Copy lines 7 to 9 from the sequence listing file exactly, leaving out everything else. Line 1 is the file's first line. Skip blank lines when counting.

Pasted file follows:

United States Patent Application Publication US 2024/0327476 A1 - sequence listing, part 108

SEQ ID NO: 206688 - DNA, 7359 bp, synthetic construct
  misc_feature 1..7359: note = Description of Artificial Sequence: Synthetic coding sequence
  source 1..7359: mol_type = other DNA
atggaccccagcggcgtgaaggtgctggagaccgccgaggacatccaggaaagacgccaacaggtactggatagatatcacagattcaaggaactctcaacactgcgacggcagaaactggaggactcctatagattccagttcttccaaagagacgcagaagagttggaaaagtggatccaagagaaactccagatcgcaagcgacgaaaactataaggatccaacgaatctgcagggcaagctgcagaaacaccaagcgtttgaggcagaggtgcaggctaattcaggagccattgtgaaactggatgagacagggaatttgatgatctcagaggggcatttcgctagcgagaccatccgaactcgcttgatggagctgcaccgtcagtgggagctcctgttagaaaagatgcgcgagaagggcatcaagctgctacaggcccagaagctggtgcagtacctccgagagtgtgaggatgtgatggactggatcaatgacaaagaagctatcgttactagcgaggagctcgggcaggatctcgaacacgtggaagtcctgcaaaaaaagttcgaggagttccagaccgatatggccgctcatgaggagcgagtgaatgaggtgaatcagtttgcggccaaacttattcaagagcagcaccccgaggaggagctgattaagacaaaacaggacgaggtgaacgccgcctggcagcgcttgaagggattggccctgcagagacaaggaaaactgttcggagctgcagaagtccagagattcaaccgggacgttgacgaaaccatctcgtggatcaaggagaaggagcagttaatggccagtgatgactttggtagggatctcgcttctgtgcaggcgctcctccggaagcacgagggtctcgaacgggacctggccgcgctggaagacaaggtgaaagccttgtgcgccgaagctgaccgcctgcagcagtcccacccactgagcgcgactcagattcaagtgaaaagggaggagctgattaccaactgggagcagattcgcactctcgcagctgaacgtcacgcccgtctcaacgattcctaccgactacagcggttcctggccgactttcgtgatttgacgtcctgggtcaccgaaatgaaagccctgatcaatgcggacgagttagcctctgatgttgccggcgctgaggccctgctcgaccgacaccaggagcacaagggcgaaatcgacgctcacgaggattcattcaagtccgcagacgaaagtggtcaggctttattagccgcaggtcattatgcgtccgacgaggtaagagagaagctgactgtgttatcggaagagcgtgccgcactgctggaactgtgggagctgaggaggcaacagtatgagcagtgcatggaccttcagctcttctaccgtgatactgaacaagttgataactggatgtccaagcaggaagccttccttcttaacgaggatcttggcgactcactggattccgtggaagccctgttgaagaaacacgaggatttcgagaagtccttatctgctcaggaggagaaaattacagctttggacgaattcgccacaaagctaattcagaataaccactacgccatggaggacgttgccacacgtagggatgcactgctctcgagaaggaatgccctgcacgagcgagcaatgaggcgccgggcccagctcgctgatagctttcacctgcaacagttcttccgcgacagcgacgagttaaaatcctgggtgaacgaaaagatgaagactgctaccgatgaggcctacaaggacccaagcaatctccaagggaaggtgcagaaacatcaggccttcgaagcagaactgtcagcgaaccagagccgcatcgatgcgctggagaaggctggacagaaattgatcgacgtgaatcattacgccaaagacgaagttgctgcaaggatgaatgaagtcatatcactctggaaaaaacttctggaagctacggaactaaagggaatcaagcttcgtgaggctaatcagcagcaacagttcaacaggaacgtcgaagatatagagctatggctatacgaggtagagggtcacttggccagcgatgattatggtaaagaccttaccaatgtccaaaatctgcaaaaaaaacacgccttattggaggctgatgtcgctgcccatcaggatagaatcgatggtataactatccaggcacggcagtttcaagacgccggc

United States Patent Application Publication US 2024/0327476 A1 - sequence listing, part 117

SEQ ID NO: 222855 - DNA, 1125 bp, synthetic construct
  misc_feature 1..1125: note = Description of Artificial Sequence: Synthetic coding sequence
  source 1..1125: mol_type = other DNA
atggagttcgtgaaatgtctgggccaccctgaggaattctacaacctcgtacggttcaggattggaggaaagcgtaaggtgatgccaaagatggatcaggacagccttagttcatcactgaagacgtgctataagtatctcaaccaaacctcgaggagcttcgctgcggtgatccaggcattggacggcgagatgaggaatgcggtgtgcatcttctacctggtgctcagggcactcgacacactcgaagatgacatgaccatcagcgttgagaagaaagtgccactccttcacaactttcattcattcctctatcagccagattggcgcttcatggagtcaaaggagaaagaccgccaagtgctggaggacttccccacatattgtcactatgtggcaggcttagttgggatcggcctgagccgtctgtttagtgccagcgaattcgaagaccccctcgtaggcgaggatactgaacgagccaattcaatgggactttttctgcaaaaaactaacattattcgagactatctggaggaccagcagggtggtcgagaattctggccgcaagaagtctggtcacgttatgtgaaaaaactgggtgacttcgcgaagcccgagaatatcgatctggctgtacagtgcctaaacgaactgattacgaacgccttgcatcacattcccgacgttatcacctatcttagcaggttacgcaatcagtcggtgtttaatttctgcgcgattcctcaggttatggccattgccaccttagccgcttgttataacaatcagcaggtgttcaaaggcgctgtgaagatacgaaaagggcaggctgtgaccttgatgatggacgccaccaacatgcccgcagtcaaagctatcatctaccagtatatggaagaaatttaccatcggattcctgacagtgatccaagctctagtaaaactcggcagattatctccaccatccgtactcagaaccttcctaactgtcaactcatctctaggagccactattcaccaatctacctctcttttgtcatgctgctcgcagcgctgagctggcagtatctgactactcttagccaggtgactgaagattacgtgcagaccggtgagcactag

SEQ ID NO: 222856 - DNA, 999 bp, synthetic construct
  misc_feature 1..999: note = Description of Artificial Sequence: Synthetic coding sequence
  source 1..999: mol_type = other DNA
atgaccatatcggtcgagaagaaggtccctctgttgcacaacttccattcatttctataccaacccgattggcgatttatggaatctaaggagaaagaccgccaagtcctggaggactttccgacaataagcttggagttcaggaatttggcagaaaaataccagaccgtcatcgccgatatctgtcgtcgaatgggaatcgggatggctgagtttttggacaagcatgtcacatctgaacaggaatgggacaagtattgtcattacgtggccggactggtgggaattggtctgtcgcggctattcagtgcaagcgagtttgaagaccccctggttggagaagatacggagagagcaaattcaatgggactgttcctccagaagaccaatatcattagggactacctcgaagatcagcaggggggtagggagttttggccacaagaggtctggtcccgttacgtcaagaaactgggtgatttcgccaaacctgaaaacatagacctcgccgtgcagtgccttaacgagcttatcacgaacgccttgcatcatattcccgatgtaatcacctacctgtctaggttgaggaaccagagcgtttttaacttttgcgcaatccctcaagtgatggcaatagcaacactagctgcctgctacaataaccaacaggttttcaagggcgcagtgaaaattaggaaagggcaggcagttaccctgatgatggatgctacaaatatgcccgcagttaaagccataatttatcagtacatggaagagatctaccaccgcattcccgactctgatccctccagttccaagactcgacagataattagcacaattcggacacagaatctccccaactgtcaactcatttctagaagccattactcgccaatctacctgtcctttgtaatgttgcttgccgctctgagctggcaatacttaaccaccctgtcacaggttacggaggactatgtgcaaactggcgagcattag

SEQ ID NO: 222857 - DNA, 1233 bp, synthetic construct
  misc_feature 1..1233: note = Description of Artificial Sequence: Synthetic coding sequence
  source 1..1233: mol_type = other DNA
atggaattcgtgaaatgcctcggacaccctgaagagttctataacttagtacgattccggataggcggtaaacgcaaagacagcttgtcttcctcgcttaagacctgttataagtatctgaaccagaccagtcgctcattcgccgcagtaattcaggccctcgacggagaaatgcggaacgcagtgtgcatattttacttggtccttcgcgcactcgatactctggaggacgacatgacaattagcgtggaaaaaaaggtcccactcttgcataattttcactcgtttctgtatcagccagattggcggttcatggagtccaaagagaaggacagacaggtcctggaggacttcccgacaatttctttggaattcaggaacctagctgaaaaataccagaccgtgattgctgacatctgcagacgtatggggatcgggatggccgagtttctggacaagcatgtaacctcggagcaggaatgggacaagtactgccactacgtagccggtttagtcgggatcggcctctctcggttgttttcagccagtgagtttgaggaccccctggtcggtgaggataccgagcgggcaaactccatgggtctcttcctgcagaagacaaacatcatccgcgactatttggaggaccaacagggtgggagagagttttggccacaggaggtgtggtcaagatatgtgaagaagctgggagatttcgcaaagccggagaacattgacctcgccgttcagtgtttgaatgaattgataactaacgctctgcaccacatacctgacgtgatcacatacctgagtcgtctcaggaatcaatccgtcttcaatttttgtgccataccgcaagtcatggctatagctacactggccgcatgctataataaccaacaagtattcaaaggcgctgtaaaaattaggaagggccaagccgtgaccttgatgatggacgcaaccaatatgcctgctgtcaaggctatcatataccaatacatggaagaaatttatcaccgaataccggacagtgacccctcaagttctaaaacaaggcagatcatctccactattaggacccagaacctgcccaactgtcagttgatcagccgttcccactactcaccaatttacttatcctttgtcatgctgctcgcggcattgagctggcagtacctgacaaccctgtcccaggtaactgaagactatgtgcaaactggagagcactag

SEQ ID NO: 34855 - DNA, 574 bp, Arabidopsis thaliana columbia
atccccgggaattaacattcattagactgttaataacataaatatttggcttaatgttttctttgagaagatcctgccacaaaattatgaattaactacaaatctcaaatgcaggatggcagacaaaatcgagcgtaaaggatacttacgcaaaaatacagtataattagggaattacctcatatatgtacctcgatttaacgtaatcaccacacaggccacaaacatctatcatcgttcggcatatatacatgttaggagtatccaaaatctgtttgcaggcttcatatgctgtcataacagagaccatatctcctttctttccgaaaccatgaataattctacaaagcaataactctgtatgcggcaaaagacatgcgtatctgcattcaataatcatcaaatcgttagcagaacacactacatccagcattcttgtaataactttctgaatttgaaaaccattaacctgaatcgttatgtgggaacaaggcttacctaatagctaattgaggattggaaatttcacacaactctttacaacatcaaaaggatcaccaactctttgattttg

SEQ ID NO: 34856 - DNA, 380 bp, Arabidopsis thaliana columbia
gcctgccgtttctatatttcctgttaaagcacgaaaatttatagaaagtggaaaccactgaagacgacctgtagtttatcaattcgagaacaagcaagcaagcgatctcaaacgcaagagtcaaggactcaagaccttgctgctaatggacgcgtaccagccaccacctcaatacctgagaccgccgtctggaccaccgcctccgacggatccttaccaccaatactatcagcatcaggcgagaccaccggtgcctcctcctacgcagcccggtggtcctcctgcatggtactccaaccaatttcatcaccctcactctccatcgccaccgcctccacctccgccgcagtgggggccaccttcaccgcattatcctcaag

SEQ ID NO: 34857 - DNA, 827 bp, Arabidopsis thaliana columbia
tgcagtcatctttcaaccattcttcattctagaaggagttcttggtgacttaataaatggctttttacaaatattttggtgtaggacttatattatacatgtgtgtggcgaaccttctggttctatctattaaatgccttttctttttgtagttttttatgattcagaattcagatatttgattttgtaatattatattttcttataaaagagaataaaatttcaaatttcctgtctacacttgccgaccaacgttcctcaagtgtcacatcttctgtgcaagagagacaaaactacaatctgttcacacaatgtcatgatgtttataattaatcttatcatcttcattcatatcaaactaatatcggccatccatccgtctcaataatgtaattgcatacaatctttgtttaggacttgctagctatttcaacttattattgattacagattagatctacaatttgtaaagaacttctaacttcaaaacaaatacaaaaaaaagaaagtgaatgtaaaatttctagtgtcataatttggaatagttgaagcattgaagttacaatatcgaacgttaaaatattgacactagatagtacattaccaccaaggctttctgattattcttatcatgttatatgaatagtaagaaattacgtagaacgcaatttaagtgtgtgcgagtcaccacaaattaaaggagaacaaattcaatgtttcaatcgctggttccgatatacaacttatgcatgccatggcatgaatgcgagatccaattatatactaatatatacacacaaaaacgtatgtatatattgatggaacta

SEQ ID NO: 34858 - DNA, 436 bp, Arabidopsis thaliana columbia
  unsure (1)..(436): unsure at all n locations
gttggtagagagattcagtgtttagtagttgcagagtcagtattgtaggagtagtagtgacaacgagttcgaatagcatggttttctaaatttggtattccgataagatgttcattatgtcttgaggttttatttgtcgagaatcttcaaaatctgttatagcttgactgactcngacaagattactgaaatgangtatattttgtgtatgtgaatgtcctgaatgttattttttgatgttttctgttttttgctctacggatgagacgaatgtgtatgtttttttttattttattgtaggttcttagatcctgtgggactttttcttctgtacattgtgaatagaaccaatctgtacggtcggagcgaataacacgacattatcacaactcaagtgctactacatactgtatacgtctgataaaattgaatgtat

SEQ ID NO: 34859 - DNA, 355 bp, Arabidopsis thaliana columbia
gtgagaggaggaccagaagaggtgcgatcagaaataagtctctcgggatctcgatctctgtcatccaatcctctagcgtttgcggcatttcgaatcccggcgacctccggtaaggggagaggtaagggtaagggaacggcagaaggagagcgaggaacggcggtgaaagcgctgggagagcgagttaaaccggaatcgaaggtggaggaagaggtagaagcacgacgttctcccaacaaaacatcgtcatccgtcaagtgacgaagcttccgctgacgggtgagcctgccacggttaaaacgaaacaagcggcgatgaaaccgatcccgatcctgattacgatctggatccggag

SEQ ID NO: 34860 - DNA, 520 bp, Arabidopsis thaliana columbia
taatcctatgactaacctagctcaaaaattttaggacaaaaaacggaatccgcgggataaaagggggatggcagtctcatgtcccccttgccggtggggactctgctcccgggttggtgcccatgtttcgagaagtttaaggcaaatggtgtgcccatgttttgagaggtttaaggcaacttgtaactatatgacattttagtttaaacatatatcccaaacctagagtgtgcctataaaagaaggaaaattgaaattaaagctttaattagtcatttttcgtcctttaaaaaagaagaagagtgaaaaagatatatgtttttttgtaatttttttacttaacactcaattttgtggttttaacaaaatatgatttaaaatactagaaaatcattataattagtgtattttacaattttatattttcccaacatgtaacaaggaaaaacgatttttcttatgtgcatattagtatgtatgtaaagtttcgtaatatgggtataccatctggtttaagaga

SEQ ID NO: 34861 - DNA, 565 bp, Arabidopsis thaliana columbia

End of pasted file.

SEQ ID NO: 222855 - DNA, 1125 bp, synthetic construct
  misc_feature 1..1125: note = Description of Artificial Sequence: Synthetic coding sequence
  source 1..1125: mol_type = other DNA